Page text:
I’m slowly, barely, sort of starting to feel a little like myself. My body isn’t (as) sore and I’m adjusting to living life on very little sleep (coffee helps). But what they say is true, it’s all worth it.

Here’s to the next few weeks, and the next few months, and forever after that. Here’s to the most beautiful boy I know.

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Estas Historias

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My home and comfort have been built around painful recollections of guerilla warfare.

I’ve heard these stories all my life – missing people, blood on the kitchen floor, rushing past hung bodies as you walk to school.

These stories are told over breakfast and in between drinks. Cushioned with laughter, saddled with sadness, and said with forced smiles and cold stares. All said in the same accent, in the same language that reminds me of home.

Living miles away from these memories, they’re still the building blocks of the two people that make me everything I am. These stories of war and a tiny country torn by war are a part of me.

So as I sit here, four days away from when you’re supposed to make your arrival, I wonder what place they’ll have in your life.

Will you find comfort in these sad stories? Estas historias, will they make you feel at home?

Is there any need for these stories to live on? Maybe they belong in the past so you can build a new identity not built on the foundation of war.

As your mother, I just hope that these stories find a natural place in your upbringing. That each word lands smoothly and fits perfectly in your life.

That estas historias find you when you need them and when you need to feel strong, when you need to feel inspired and when you need to feel grateful.

I hope they serve you, and I hope they ground you. I hope you feel connected to this country you may never visit. I hope you feel connected to this generation that sacrificed everything for you to one day be here and not worry about a soldier standing outside your door.

Estas historias are difficult. They’re heartbreaking, and they’re heavy. They’re heavy with the lives that were lost, but they’re a part of my mother and father, and so they’re a part of your mother, and so I hope they’re a part of you.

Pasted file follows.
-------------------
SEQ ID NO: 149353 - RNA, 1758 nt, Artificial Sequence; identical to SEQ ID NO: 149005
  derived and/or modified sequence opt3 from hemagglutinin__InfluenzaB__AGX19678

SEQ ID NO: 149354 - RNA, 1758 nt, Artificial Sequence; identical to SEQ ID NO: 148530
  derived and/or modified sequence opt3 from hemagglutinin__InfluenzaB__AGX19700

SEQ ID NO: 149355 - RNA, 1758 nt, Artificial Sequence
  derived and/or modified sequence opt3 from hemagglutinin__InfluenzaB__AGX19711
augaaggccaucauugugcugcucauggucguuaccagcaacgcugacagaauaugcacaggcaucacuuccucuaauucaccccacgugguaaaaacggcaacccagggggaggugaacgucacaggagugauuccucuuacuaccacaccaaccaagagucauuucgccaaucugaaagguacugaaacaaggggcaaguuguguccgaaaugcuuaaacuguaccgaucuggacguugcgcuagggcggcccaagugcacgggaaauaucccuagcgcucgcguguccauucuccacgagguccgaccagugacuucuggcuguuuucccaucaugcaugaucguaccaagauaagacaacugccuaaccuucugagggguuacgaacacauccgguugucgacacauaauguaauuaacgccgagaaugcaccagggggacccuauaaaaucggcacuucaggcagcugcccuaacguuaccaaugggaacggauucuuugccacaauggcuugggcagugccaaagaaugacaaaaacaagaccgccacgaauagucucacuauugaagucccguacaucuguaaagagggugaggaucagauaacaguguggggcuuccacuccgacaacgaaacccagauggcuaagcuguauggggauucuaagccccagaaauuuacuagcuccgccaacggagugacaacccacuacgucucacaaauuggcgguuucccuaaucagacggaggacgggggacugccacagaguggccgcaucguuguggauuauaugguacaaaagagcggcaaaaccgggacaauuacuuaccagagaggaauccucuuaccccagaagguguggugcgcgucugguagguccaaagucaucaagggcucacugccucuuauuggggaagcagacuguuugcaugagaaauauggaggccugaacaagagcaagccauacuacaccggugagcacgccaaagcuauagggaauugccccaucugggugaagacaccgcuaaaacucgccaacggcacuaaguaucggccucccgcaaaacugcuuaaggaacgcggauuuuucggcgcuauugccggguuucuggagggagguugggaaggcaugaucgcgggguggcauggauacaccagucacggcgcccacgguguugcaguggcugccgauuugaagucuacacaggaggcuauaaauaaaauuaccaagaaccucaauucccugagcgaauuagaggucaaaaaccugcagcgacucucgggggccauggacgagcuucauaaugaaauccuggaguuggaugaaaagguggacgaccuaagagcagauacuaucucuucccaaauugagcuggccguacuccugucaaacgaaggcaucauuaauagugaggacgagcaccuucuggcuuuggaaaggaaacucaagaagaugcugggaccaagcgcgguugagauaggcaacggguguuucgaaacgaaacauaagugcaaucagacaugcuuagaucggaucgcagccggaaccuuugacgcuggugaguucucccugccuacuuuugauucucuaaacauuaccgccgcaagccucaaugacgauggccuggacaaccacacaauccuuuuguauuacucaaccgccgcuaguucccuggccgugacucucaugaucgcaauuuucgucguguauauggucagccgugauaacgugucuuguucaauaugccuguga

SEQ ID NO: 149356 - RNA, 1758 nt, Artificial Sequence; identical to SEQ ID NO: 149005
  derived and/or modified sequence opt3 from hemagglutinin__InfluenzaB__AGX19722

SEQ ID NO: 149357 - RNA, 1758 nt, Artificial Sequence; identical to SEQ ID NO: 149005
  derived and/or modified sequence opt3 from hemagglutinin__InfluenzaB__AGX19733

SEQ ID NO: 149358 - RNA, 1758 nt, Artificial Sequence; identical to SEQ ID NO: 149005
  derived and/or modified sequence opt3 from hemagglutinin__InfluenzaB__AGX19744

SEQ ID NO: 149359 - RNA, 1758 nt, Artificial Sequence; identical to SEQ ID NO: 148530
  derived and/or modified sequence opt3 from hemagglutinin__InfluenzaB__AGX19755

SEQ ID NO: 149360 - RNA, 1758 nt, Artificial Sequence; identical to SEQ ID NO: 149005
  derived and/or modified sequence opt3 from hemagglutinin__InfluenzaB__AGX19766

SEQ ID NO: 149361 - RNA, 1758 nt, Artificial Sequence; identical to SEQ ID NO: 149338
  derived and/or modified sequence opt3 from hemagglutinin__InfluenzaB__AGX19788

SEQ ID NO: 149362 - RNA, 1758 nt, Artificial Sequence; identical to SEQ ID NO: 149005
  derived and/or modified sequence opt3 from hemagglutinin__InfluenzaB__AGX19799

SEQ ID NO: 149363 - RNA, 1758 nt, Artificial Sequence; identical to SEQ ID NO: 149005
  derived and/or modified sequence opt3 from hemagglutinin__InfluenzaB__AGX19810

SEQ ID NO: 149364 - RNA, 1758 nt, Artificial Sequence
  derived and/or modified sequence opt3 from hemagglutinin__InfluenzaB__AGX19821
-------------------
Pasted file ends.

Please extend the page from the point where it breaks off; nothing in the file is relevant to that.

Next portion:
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Pregnancy, so far

Pregnancy is a 40-week practice in trust, patience, and management of never-ending expectations.

There are the expectations of yourself and your body. Then there are the expectations that everyone else places on you. Expectations of what your body can do, expectations of what you’re capable of, and expectations to express all these feelings in a few short words when everyone asks how you’re doing.

There’s the trust you need to develop in your body. The trust that your body will work to create a healthy human being. The trust that each pain, each ache is all for a purpose. All while your body is working overtime inside, but you don’t have the physical proof of that yet so for now it’s just an unnerving trust that everything you’re feeling inside and out is “right”.

You hear so many stories of how nature, fate and our bodies don’t always work to create the outcome we want. So many women whose path to motherhood is dotted with tragedy. The first weeks of pregnancy were a scary balance of trying to find a middle ground between excitement and caution. What would make me lucky enough to have a different outcome?

It’s patience. Patience as the weeks go by that everything is OK. I’ve known I was pregnant as soon as you can know. So for those 8 weeks after I found out, all I could do was pray and hope and dream that you would keep growing and growing. It’s the most scared I’ve been and the most relieved I’ve been when I heard your heartbeat.

It was the best song I’ve ever heard, and I wish I could hear it all day every day as a constant reminder that you’re OK.

About 18 weeks in, and it’s starting to feel more real as my body starts to round. But emotions and trust and expectations are still a work in progress. I am happy, content, scared, excited, nervous and exhausted. About 20 times a day.

But I know that when I see your face, I’ll know that every doubt, every ache, every fear, every overthought thought, every worry and every emotion was worth it. It will all be worth it to see you soon, baby boy.

 

-Sandi